Mississippi Car Accident Laws – A Complete Guide


Kimberly Dawn Neumann

Mississippi may get its name from the river, but it also has approximately 73,000 miles of highway running through it. Unfortunately, it also ranks in 50th place for the most fatal car accidents, with 26.2 road-related deaths per 100,000 residents. Knowing Mississippi car accident laws is crucial to navigating through this state’s roads.

Read on to learn how to report, who determines fault, and when you need a lawyer after a Mississippi collision. Because the more you know, the better you’ll be able to handle things if and when a crash happens.

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What to Do After a Car Crash in Mississippi

The first thing you should do in any car accident, no matter what state you’re in, is to stop.

While that may sound like a no-brainer, you’d be surprised how many people panic and try to flee. But leaving prematurely could get you in more trouble since Mississippi traffic laws require you to stop at the scene. In other words, hit-and-runs are illegal.

So, your first step after stopping the car is making sure everyone is okay. That’s because if someone is hurt, Mississippi Code §63-3-401 mandates drivers to offer reasonable assistance to any injured parties. Failing to do so can lead to a felony conviction and serious fines or jail time.

Simplified that means, if you’re in a car accident in Mississippi, stop the car, check for injuries, call 911.

How to Report a Car Accident in Mississippi

Your next call should be to the police. MS Code § 63-3-411 requires drivers to report all accidents resulting in injuries or death, or property damage over $500.

Although the accident may seem minor, you should still have law enforcement come to the scene. Getting an official Mississippi Highway Patrol (MHP) report on file may be very important later. This is especially true when it comes time to determine who’s at-fault for the crash.

Furthermore, when you file a claim with an insurance company, they may also ask for this information. That’s because a crash report is seen as authoritative evidence by insurance providers.

Before the recording MHP officer leaves the accident site, make sure you ask for a police report number. You’ll need that number to obtain a copy of the report once it becomes available (typically 3-5 business days afterwards).

How Do I Obtain a Copy of the Police Report?

The easiest way to get an official police report following a crash in Mississippi is via the Crash Reports webpage.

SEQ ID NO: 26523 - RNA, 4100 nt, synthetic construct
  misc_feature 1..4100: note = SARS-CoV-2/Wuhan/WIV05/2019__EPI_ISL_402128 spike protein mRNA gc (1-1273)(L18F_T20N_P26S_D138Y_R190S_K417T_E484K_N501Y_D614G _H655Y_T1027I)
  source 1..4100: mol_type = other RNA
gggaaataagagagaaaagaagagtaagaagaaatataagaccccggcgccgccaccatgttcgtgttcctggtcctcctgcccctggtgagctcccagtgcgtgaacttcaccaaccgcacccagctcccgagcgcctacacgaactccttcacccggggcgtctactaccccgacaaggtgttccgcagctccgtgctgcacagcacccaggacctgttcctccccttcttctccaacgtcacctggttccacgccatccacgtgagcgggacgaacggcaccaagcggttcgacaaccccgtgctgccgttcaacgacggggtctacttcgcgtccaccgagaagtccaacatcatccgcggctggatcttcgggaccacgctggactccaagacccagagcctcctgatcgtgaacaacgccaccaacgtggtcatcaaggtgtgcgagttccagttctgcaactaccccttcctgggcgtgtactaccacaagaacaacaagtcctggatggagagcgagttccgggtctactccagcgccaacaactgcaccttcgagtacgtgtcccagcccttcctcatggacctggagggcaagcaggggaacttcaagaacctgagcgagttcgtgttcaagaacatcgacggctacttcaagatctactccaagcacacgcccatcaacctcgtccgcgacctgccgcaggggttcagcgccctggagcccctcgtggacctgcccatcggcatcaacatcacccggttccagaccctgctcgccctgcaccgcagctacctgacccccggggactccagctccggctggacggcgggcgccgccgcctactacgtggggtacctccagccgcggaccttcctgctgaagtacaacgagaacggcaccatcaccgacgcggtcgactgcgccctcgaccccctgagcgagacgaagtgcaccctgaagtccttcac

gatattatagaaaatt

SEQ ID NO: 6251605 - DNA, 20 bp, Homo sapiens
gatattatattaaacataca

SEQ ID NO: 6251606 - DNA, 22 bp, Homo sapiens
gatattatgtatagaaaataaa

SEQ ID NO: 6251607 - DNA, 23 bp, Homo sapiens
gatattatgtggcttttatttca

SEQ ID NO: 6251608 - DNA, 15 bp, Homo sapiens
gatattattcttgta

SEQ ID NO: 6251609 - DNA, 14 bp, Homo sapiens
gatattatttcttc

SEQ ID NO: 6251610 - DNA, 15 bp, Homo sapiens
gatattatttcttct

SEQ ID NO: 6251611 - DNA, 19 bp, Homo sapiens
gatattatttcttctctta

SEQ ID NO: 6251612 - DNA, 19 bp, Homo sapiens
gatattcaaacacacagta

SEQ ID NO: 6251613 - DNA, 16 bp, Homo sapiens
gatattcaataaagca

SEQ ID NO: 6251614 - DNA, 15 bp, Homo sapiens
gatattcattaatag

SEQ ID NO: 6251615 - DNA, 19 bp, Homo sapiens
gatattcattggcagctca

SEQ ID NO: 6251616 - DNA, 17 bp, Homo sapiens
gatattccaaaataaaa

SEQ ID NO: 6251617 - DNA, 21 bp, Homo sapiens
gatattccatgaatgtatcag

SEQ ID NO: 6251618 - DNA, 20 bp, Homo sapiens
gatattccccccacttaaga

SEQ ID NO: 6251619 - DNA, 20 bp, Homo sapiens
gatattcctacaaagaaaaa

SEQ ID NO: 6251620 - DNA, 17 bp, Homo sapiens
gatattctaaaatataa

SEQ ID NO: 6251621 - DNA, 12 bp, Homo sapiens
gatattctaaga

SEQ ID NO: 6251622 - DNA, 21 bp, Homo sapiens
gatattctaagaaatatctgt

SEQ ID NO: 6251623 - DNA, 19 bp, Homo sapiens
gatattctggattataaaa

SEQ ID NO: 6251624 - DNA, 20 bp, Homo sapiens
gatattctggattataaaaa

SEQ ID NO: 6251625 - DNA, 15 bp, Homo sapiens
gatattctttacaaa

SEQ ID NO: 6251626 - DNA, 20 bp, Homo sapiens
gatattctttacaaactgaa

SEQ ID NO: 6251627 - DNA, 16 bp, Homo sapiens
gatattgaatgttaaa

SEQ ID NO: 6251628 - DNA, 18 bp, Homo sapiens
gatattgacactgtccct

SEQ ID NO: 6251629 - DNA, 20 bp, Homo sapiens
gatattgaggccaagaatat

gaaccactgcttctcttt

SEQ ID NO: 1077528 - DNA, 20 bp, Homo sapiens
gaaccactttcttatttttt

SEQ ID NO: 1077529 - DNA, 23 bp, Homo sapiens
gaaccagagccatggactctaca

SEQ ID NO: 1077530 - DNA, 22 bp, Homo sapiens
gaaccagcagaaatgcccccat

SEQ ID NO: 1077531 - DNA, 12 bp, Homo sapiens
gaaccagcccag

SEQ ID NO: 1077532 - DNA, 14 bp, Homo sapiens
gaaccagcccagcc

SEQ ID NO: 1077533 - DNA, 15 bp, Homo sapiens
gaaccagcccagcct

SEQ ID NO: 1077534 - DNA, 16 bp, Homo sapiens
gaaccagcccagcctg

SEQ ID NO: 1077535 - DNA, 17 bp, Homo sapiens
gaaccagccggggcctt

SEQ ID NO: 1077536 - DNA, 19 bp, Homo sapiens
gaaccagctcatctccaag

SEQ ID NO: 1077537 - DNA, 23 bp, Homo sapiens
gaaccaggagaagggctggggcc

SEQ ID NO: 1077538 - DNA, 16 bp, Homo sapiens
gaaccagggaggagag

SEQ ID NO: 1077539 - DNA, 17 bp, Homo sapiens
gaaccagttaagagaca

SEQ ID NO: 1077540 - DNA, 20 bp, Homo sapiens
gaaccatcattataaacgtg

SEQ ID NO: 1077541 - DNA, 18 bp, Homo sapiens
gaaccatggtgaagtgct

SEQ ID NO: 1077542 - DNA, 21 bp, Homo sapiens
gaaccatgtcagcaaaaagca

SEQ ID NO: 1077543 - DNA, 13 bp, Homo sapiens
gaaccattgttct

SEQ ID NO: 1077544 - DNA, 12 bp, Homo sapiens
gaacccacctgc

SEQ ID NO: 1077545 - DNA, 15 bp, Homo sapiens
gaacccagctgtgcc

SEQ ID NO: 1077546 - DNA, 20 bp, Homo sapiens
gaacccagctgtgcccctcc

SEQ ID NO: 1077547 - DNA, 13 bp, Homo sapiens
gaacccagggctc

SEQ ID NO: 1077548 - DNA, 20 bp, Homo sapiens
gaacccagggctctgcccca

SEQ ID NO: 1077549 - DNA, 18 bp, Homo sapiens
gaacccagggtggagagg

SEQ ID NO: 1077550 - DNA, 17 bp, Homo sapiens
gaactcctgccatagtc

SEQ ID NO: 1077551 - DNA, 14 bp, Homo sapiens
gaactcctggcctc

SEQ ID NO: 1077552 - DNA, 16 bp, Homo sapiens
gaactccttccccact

Unlike many states, Mississippi doesn’t have a dedicated department of motor vehicles (DMV). Instead, it handles anything auto or driver related through the Mississippi Department of Public Safety (MDPS).

If you order a copy of the report online it will cost $20 and be available for 24 hours after purchase. So be sure to download a copy lest you get stuck paying for it again.

It is also possible to get a crash accident report by mail or walk-in at any district Highway Patrol station in Mississippi. It will cost $15 to obtain a paper copy of an accident report, but may take longer than processing online.

Additional Information to Gather at the Scene of a Crash

While reporting the crash to the police is important, you’ll also want to personally gather details for your own reasons.

This includes exchanging information with the other driver. Be sure to ask for or take photos of the following:

  • Contact info (full name, address, phone, email)
  • Driver’s license number
  • Insurance ID card/policy number
  • Car registration and license plate number
  • Car make, model, and color

Remember to take photos of the vehicle damage, surrounding landmarks, signs, traffic lights, etc. If there are witnesses, try to get their contact information as well.

Finally, don’t apologize or say anything incriminating, even if you think it’s your fault! You don’t want to accidentally reduce your own settlement because of your own courtesy. Stay calm, make sure everyone is okay, and get all the details you possibly can on-site.

Is Mississippi a No-Fault State?

No, Mississippi is an at-fault state, meaning anyone responsible for causing an accident will also be responsible for any resulting damages. This includes physical damage (i.e. injuries) as well as property damage.

However, it’s generally not as straightforward as one person being at-fault and the other being the victim. That’s because Mississippi follows a pure comparative fault system, meaning both parties involved in a crash may bear some responsibility.

Mississippi Comparative Negligence Laws

Comparative negligence systems, which are the law in most states, divide the blame between drivers involved in an accident. A jury in court can theoretically find both parties responsible for the collision depending on the case.

According to Miss. Code § 11-7-15, any parties involved in a collision who are less than 100% responsible may recover damages. The catch is that under state law, there’s a reduction in any damages a claimant receives based on their own individual amount of fault.

To illustrate, let’s say a jury finds you 10% at-fault, then you can still receive 90% of your damage award. But if the other driver is 90% at-fault, then they will only see 10% of any damages.

This means in most cases, the driver who seems less at-fault will be the one to file a claim. But it’s technically possible for all parties in an accident to still recover damages.

In multi-car crashes, the same rules apply. Each vehicle and driver will receive a fault percentage assignment, and that amount will affect your ability to recover damages. The goal in any car accident case in Mississippi is to get the smallest fault percentage possible. That’s why it’s always a good idea to get a car accident lawyer post-crash.